‘Palmer Chameleon’: Boy George’s people slam Clive’s use of hit song

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‘Palmer Chameleon’: Boy George’s people slam Clive’s use of hit song

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Updated

January 15, 2019 09:51:18

Pop icon Boy George’s manager is “horrified” would-be politician Clive Palmer would rip off one of his client’s most popular songs for a political campaign, and is warning of future legal action if he does not stop using the song.

Key points:

  • Clive Palmer reworked Karma Chameleon to “Palmer Chameleon” for his mobile game
  • Boy George’s manager has argued the song’s use is “clear copyright infringement”
  • It is not the first time Mr Palmer has taken popular music and reworked it for his political campaigning

Mr Palmer, who is seeking to return to federal politics, launched a mobile game yesterday with a take-off of Culture Club’s 1983 hit Karma Chameleon.

The controversial businessman reworked the lyrics, changing them to “Palmer Chameleon” in his latest effort to promote his political party, the United Australia Party (UAP).

Speaking to the ABC, Boy George and Culture Club’s manager Paul Kemsley argued it was a “clear copyright infringement” and said the band’s record label BMG would be dealing with the matter.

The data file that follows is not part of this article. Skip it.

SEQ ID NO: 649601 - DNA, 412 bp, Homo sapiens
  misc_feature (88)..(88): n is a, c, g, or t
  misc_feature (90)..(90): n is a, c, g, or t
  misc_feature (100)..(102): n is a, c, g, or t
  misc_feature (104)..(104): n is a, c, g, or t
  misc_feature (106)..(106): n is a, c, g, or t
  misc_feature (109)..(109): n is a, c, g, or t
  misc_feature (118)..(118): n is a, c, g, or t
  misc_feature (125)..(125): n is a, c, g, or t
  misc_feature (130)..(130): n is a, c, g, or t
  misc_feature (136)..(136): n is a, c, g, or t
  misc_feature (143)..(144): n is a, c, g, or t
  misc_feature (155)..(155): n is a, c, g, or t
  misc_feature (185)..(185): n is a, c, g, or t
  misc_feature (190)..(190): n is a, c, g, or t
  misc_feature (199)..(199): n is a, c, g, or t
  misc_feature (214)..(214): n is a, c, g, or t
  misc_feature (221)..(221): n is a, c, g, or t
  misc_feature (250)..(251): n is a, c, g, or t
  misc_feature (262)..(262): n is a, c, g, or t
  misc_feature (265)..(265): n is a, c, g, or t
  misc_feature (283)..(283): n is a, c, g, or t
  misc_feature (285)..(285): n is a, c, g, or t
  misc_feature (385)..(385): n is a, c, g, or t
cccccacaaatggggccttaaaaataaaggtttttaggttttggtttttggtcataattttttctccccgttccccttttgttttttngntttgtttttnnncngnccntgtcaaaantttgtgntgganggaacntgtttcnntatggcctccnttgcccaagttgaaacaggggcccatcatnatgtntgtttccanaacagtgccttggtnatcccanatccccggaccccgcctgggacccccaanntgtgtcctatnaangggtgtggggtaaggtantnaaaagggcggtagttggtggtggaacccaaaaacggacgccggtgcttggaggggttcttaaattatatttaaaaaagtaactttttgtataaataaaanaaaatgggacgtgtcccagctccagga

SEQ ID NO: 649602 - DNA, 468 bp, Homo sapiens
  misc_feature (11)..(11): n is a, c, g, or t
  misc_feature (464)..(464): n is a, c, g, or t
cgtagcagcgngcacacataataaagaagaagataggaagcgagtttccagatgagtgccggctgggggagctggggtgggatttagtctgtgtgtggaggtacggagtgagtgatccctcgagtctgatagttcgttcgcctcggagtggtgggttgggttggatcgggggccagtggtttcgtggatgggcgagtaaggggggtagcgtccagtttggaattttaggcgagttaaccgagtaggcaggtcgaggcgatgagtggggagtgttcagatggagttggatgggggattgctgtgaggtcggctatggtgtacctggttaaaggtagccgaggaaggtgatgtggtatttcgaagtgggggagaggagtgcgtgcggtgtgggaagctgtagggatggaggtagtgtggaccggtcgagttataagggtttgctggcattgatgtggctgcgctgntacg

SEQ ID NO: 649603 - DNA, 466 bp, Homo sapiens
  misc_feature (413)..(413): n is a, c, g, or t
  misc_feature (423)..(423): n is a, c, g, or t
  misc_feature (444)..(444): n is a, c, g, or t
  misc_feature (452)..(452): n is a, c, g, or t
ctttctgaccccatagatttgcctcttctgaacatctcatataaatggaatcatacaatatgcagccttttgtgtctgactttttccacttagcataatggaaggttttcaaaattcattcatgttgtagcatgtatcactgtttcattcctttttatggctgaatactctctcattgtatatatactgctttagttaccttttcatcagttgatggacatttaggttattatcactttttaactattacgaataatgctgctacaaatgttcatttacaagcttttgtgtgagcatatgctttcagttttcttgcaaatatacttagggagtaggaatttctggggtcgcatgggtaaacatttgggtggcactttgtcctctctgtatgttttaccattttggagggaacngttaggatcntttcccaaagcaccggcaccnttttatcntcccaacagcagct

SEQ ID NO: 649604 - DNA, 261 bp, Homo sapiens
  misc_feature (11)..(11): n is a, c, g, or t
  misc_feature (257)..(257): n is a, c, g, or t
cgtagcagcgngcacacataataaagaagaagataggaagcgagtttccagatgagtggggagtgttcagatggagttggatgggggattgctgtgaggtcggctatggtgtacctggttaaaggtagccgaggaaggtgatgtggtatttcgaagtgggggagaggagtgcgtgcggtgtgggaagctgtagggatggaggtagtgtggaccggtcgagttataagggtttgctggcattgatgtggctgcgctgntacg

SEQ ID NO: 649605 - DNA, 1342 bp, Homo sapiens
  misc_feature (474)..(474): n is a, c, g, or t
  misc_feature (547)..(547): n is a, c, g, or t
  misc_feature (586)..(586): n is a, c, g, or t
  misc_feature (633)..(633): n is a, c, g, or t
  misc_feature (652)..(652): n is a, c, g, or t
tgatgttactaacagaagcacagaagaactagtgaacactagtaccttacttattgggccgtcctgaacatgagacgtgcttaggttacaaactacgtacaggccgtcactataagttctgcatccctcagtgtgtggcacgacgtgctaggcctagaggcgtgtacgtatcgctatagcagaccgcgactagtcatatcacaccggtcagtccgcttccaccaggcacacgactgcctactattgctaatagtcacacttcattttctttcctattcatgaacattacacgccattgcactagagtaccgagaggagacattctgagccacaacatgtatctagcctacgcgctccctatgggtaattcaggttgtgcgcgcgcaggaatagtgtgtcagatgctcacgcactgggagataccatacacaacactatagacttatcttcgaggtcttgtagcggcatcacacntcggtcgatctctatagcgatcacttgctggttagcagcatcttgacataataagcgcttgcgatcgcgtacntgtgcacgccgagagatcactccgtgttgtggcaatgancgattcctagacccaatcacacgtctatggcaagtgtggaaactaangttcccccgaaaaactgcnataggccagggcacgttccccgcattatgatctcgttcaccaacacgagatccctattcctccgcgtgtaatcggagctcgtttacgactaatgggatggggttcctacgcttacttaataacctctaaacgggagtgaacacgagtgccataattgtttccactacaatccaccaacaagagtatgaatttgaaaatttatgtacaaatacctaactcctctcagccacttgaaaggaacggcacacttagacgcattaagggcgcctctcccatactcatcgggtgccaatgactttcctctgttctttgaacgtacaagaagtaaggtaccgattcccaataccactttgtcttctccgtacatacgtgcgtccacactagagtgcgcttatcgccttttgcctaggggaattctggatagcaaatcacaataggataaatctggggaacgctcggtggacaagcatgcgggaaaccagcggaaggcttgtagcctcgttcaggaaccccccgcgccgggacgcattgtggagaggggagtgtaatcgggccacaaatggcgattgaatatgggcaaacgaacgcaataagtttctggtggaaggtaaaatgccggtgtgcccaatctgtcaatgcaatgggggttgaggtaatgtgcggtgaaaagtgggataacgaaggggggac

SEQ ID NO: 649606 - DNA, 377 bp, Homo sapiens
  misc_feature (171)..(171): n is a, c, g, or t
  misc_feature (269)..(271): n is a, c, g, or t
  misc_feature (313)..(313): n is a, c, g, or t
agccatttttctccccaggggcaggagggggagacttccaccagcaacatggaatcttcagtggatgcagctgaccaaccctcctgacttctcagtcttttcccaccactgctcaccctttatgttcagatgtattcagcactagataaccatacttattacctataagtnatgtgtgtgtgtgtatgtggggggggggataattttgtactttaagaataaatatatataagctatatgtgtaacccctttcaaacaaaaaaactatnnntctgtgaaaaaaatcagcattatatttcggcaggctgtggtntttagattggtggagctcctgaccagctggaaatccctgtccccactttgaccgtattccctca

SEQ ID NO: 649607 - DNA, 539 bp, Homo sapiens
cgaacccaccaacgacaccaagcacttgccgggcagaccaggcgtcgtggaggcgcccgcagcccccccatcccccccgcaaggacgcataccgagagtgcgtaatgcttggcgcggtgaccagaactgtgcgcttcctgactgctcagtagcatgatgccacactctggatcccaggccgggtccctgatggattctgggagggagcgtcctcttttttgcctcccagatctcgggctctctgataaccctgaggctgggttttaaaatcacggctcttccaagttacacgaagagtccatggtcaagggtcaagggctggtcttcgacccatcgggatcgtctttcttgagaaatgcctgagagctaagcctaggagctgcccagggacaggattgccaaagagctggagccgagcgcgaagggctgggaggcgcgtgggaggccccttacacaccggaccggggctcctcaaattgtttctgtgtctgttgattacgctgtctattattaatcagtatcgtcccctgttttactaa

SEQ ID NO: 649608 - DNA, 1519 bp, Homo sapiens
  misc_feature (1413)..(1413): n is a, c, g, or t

“Boy George’s song and art would never be used to endorse any political campaign,” Mr Kemsley said.

“I’m horrified at the treatment of one of the biggest-selling songs of all time.

“It should never be used as part of a political agenda.”

Mr Kemsley suggested the band would pursue legal action against Mr Palmer if he failed to remove the song from the game and any other advertising.

The game features Mr Palmer running through towns and cities around the country, collecting chocolate biscuits along the way.

He aims to avoid politicians including Prime Minister Scott Morrison and Opposition Leader Bill Shorten, whose face features on the body of a cockroach.

It is not the first time Mr Palmer has taken popular music and reworked it for his political campaigning.

Twisted Sister guitarist Jay Jay French took to Twitter to slam the UAP leader for changing the lyrics to his band’s 1984 hit We’re Not Gonna Take It.

The band’s frontman Dee Snider took those comments further, saying he did not endorse the United Australia Party and would contact their legal team to address the issue.

“If that doesn’t work … I’ll be down under in three weeks to deal with it myself!” he wrote on Twitter.

The ABC has attempted to contact Mr Palmer for comment.

Topics:

clive-palmer,

government-and-politics,

australia,

qld

First posted

January 15, 2019 08:57:40


Contact Matthew Doran

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